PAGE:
Only God Forgives - Review on Salty Popcorn
Only God Forgives – Review on Salty Popcorn

 

Julian himself is trying to transition from this brutality. Scattered throughout the film, are sequences of Julian walking through a dark corridor extending his hands and either clenching or unclenching his fist. In one particular instance Chang appears and cuts off Julian’s hands. These dream sequences add to the exploration of the key theme, violence. You can decipher the metaphor there for yourself, if you think there is any.

The use of violence as a whole, is off putting. I wouldn’t say the experience was enjoyable, but necessary. One scene was so brutal I was considering walking out. The build up to it, the sound, the colour, everything built to make this scene feel disgusting, to feel nearly unwatchable. This is a violent film, but it isn’t stupid violence, or violent just for the sake of it. It is for a purpose, it is used to convey part of the story. Some people will find this violence unwatchable, and that comes down to personal taste.

 

 

Only God Forgives - Review on Salty Popcorn
Only God Forgives – Review on Salty Popcorn

 

Nicolas Winding Refn, had a story he wanted to tell, he wanted to explore some existential themes, and I believe he has done a great job of that. He has crafted a very specific type of film, obviously not a crowd pleaser, but it demands a reaction.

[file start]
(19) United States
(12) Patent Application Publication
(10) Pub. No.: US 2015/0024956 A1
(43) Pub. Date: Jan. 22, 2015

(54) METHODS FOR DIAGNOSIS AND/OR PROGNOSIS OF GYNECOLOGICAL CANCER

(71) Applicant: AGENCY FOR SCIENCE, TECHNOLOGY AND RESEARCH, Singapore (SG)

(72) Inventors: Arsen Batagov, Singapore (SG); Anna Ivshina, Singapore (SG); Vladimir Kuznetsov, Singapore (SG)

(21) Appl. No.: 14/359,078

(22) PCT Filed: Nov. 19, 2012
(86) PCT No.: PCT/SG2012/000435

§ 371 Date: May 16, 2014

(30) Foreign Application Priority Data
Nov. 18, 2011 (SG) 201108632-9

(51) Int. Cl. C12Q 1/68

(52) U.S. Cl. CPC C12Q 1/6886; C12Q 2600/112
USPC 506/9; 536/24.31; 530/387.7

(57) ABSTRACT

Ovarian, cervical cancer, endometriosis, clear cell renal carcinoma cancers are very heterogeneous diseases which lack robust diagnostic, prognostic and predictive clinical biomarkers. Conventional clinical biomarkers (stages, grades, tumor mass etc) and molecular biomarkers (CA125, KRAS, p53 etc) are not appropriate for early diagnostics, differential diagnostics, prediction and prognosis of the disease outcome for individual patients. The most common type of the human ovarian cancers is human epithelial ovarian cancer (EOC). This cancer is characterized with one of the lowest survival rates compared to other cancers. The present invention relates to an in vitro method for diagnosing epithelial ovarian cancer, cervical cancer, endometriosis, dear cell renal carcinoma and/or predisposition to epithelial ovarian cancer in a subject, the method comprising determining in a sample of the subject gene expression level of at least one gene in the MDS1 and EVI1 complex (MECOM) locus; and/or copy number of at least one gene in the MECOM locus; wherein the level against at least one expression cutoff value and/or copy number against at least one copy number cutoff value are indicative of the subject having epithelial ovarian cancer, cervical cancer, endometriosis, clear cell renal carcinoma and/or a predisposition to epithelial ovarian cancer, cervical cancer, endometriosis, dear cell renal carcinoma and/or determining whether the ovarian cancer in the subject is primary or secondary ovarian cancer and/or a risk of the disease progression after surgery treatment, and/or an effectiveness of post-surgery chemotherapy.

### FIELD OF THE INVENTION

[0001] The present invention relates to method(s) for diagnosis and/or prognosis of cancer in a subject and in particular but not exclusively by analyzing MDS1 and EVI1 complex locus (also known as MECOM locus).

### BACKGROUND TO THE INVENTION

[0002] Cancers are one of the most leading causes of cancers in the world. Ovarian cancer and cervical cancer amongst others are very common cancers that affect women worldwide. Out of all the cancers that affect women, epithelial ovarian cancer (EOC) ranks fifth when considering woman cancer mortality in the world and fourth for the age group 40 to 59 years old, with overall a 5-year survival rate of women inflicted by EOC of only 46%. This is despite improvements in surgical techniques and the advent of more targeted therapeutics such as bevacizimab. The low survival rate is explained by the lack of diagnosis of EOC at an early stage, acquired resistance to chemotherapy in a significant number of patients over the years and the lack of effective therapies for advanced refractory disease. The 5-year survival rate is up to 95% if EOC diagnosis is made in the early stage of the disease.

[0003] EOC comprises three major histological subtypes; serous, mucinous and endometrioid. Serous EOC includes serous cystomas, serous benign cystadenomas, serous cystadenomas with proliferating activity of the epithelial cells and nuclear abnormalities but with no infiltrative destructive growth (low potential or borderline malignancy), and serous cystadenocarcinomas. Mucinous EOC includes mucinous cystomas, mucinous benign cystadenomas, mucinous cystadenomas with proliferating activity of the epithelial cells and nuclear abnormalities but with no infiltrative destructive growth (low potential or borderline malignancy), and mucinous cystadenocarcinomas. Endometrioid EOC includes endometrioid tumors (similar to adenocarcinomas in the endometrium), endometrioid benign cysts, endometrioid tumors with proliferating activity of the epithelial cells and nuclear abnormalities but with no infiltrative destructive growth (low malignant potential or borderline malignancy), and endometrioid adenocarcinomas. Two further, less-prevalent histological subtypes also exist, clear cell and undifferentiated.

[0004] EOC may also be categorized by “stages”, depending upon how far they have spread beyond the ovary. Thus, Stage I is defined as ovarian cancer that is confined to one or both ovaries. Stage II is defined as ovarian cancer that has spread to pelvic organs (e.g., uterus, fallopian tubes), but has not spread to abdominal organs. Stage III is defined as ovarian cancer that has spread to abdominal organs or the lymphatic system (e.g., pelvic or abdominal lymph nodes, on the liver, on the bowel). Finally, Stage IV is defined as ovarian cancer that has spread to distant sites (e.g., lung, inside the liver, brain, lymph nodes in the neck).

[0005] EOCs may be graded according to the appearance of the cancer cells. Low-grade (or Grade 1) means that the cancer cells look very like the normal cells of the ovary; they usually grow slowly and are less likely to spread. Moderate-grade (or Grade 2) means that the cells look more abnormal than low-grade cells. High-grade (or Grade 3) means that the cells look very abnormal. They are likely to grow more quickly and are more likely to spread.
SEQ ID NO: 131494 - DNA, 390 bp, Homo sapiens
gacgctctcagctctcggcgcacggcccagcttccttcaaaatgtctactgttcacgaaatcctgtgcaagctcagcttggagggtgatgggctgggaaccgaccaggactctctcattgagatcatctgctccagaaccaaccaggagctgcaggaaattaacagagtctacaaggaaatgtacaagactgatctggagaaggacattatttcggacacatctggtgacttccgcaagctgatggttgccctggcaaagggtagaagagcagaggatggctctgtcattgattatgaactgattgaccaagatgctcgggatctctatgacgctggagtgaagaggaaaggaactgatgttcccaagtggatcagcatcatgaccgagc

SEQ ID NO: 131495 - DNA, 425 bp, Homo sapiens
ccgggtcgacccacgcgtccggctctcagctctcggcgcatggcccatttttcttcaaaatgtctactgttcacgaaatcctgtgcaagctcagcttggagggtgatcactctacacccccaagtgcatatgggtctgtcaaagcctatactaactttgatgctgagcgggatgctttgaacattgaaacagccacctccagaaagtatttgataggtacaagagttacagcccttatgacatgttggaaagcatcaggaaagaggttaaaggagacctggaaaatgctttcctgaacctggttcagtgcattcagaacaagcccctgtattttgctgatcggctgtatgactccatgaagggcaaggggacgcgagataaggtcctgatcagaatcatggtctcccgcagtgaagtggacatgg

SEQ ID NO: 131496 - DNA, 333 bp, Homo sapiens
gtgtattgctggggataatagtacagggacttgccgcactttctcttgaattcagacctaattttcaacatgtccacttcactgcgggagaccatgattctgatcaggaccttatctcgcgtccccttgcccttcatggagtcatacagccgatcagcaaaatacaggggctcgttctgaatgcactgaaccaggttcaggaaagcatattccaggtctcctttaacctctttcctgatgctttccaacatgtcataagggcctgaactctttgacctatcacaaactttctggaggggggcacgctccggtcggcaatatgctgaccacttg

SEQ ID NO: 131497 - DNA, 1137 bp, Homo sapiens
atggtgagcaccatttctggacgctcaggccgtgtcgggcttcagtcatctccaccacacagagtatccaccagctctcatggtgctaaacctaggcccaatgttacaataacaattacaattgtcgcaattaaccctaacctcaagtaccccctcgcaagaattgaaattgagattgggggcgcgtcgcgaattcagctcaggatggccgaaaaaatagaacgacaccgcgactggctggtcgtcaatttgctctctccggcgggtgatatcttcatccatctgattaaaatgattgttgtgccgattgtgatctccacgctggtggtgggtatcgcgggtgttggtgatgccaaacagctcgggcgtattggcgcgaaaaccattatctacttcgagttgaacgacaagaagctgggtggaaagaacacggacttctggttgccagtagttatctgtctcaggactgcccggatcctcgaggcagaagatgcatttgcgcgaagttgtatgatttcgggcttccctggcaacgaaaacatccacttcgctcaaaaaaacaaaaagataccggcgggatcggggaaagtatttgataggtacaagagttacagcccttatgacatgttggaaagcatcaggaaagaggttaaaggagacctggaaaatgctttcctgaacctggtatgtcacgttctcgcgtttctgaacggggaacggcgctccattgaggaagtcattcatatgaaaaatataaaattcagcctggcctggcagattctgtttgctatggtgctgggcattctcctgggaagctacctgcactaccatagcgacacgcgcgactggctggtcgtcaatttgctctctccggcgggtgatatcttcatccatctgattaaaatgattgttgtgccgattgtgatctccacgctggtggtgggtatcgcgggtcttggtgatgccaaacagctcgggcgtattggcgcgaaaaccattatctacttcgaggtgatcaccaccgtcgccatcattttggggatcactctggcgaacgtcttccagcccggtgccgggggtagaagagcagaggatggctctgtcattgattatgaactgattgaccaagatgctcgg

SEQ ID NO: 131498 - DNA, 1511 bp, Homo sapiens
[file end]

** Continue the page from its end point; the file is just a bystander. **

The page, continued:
I really enjoyed this film, enjoyed probably isn’t the right word, I really appreciate this film, ok to be honest, I loved it. It was hard to watch, sickening at points, but I loved it. It pushed me nearly to the edge of what I can bare, but I felt like I understood why. I felt like I knew what the film was trying to say, what it was really about.

I want to acknowledge that many people will disagree with me. I understand why this film is either receiving 5 stars or none (then why did you give it 4.5 stars 🙂 – Ed…JK). It is polarizing, and that’s a good thing. Not every film, should be marketed to everyone, not every film should have the aim of pleasing everyone who watches it. I won’t think any less of you if you hate this film, and I would hope that you won’t think any less of me for loving this film. In the end it comes down to taste. Without flogging the film is art sentiment, I need to say this, art doesn’t exist to please, it exists to emote.

Not for everyone, not perfect, but an amazing story told in an incredible way.

 

4 and a Half Pops